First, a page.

EpiPen Maker Offers Discount After Outrage


Following extremely critical news coverage and condemnation from politicians including Hillary Clinton, pharmaceutical maker Mylan has agreed to offer a discount to the patient cost of the EpiPen, the emergency epinephrine shot that stops anaphylaxis. The cost of the severe-allergy treatment had increased by more than 400 percent in the past 10 years.

Mylan said today that it would provide a savings card that covers $300 of the EpiPen 2-Pak, which would reduce the out-of-pocket cost for the drug by 50 percent. Sen. Amy Klobuchar (D-MN) had asked this week that the Senate Judiciary Committee investigate the price hike. Klobuchar, whose daughter relies on the drug, called the price spike “unjustified.” Read more at REUTERS.



  1. There are only two solutions to this problem:

    1) Have the government regulate the price of drugs.
    2) Have the government allow competition.

    (2) would require the end of patents and would therefore mean the end of the development of new drugs and devices. So we need to do (1) which is what almost all other countries do.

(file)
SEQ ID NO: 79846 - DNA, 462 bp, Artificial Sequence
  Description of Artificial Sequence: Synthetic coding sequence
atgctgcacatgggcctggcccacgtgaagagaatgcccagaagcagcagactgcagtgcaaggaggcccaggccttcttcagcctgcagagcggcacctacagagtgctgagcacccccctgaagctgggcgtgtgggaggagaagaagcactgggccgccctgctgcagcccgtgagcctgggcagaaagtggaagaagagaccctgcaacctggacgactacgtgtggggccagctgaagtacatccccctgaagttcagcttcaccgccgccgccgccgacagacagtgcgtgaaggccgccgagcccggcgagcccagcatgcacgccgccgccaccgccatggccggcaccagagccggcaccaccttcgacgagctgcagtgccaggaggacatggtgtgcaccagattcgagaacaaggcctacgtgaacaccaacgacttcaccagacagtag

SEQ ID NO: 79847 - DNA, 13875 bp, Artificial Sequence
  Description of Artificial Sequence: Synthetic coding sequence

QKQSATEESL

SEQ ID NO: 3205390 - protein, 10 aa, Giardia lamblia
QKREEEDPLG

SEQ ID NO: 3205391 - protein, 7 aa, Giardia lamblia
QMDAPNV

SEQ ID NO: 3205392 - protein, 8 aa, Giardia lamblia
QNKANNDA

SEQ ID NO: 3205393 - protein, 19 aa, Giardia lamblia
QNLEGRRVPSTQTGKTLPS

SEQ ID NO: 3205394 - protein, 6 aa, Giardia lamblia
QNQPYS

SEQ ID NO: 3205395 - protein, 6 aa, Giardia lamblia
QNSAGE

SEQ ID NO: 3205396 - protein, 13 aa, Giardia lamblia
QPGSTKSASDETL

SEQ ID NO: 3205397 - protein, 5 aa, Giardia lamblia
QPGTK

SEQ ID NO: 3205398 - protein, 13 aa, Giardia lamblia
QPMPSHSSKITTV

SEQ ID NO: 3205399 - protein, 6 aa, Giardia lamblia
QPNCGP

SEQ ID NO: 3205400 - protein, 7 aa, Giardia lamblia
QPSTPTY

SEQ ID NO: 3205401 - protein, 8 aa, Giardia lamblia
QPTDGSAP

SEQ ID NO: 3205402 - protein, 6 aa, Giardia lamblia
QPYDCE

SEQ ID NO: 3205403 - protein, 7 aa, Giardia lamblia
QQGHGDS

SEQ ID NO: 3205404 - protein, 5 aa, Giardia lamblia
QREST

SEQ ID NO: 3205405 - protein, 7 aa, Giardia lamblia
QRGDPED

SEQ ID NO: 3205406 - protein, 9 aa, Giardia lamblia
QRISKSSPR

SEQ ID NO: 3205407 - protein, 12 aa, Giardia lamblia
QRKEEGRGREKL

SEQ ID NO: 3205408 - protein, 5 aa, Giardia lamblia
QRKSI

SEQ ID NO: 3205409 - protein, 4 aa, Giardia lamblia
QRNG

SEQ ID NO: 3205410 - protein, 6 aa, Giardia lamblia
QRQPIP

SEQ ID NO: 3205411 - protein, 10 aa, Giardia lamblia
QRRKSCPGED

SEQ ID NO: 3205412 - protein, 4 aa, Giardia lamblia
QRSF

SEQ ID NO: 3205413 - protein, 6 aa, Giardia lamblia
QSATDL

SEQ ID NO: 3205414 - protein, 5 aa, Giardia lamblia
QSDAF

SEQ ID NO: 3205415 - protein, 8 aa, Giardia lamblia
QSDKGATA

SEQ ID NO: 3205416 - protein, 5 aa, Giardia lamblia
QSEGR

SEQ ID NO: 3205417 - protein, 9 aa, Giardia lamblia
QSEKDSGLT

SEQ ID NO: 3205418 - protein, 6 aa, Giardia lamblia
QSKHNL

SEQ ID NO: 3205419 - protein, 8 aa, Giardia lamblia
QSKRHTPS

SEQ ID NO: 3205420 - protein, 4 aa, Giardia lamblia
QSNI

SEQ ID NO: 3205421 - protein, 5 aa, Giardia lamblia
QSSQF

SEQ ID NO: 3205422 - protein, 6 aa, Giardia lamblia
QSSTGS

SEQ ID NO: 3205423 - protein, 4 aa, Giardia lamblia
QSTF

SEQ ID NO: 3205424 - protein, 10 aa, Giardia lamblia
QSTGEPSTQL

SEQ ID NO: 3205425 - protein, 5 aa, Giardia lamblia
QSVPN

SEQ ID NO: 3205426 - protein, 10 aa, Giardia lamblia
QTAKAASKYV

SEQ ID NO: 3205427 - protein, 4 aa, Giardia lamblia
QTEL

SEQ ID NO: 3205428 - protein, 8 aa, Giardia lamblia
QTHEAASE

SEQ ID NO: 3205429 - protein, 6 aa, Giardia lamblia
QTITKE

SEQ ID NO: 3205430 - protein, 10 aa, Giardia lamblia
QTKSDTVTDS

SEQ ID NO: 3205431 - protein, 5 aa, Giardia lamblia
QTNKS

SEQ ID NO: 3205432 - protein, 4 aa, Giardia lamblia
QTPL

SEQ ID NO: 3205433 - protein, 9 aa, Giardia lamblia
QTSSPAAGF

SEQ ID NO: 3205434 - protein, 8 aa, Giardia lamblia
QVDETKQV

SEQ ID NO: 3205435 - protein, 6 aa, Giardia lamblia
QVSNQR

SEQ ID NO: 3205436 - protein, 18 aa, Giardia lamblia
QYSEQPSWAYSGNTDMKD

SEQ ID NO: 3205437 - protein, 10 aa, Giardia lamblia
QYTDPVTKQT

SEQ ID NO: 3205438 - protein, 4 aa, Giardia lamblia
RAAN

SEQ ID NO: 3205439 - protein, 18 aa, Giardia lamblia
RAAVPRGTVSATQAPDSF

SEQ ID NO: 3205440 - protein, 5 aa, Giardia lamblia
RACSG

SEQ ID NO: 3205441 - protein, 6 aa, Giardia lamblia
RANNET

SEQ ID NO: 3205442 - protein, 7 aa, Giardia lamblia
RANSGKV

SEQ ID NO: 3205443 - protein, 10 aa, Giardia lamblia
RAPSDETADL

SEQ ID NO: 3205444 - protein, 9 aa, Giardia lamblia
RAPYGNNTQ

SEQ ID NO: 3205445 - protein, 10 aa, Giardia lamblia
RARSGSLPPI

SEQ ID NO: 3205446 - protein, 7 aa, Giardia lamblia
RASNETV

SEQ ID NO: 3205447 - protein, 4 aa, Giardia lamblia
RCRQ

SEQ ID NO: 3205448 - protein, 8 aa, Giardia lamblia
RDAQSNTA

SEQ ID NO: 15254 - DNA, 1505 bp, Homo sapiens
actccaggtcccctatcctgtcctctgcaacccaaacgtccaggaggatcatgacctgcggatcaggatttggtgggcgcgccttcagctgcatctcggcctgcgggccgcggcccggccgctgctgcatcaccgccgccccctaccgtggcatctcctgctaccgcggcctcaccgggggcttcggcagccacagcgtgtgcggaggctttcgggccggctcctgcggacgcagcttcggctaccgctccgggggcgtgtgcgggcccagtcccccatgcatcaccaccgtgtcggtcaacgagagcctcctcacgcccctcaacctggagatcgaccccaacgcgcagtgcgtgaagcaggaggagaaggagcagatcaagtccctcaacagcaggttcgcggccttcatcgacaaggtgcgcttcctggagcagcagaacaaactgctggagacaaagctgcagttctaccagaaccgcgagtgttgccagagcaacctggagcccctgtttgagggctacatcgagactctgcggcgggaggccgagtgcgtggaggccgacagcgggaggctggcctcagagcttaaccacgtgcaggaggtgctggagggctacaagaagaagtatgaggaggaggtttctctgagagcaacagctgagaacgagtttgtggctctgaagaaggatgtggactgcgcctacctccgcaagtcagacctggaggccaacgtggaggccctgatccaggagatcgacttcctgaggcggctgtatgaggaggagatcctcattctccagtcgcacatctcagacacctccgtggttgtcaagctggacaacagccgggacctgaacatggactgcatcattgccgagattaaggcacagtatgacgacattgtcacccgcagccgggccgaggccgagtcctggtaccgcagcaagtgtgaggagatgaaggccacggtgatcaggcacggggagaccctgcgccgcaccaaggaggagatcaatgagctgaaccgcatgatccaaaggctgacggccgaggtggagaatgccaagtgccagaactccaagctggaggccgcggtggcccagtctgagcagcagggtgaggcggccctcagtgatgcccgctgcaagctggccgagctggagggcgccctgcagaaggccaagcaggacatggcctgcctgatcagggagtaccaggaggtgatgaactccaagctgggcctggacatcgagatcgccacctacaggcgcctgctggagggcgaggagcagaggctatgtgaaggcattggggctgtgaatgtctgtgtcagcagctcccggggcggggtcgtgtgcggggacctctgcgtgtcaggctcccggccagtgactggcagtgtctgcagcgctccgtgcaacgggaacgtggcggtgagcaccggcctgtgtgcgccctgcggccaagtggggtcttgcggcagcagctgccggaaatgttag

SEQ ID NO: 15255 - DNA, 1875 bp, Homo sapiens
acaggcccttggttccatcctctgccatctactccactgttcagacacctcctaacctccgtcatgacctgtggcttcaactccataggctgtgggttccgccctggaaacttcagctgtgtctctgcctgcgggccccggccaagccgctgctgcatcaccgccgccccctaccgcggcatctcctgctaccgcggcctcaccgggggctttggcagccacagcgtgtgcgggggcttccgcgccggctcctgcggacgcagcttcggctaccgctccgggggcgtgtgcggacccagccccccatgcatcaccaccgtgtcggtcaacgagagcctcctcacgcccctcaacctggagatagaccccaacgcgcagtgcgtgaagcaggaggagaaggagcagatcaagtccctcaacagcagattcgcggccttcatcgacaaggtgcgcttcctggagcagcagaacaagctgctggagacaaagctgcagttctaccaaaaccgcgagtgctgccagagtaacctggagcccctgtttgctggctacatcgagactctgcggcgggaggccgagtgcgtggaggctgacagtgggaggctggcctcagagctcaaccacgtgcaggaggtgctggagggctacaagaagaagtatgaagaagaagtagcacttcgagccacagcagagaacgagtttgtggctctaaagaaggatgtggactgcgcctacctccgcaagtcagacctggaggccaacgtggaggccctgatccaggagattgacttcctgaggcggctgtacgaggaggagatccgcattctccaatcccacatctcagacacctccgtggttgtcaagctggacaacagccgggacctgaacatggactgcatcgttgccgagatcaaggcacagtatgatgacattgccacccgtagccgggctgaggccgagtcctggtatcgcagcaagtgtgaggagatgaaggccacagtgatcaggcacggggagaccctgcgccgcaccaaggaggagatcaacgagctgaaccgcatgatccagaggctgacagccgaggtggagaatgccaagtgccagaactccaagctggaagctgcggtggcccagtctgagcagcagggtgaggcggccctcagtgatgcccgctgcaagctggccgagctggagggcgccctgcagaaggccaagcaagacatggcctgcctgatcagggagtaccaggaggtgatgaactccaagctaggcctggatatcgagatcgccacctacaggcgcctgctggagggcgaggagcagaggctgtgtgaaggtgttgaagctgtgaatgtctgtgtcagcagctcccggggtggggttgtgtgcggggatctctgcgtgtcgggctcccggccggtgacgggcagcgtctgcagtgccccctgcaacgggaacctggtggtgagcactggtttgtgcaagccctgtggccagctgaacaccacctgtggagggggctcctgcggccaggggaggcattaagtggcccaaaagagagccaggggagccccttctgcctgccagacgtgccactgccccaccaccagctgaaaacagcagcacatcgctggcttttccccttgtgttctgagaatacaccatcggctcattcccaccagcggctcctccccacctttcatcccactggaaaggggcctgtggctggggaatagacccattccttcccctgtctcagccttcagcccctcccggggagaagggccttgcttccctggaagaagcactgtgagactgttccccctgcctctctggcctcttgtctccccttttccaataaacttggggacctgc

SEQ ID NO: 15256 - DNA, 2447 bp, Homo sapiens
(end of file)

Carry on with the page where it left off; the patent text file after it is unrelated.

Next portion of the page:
• I do not think there is any patent on epinephrine, nor that it is particularly expensive. I imagine the customer pays for a very efficient, quick and error-proof injection device, which is designed to be used by the very person in anaphylactic shock, or by any squeamish and terrified layperson at the scene.

      Lots of EpiPens expire without being used. Perhaps the government and Mylan could negotiate a program which replaces EpiPens close to expiration date at a discounted price. We all benefit from lots of emergency epinephrine dispensers being out there, because everybody can have an anaphylactic shock, even people with no history of allergy.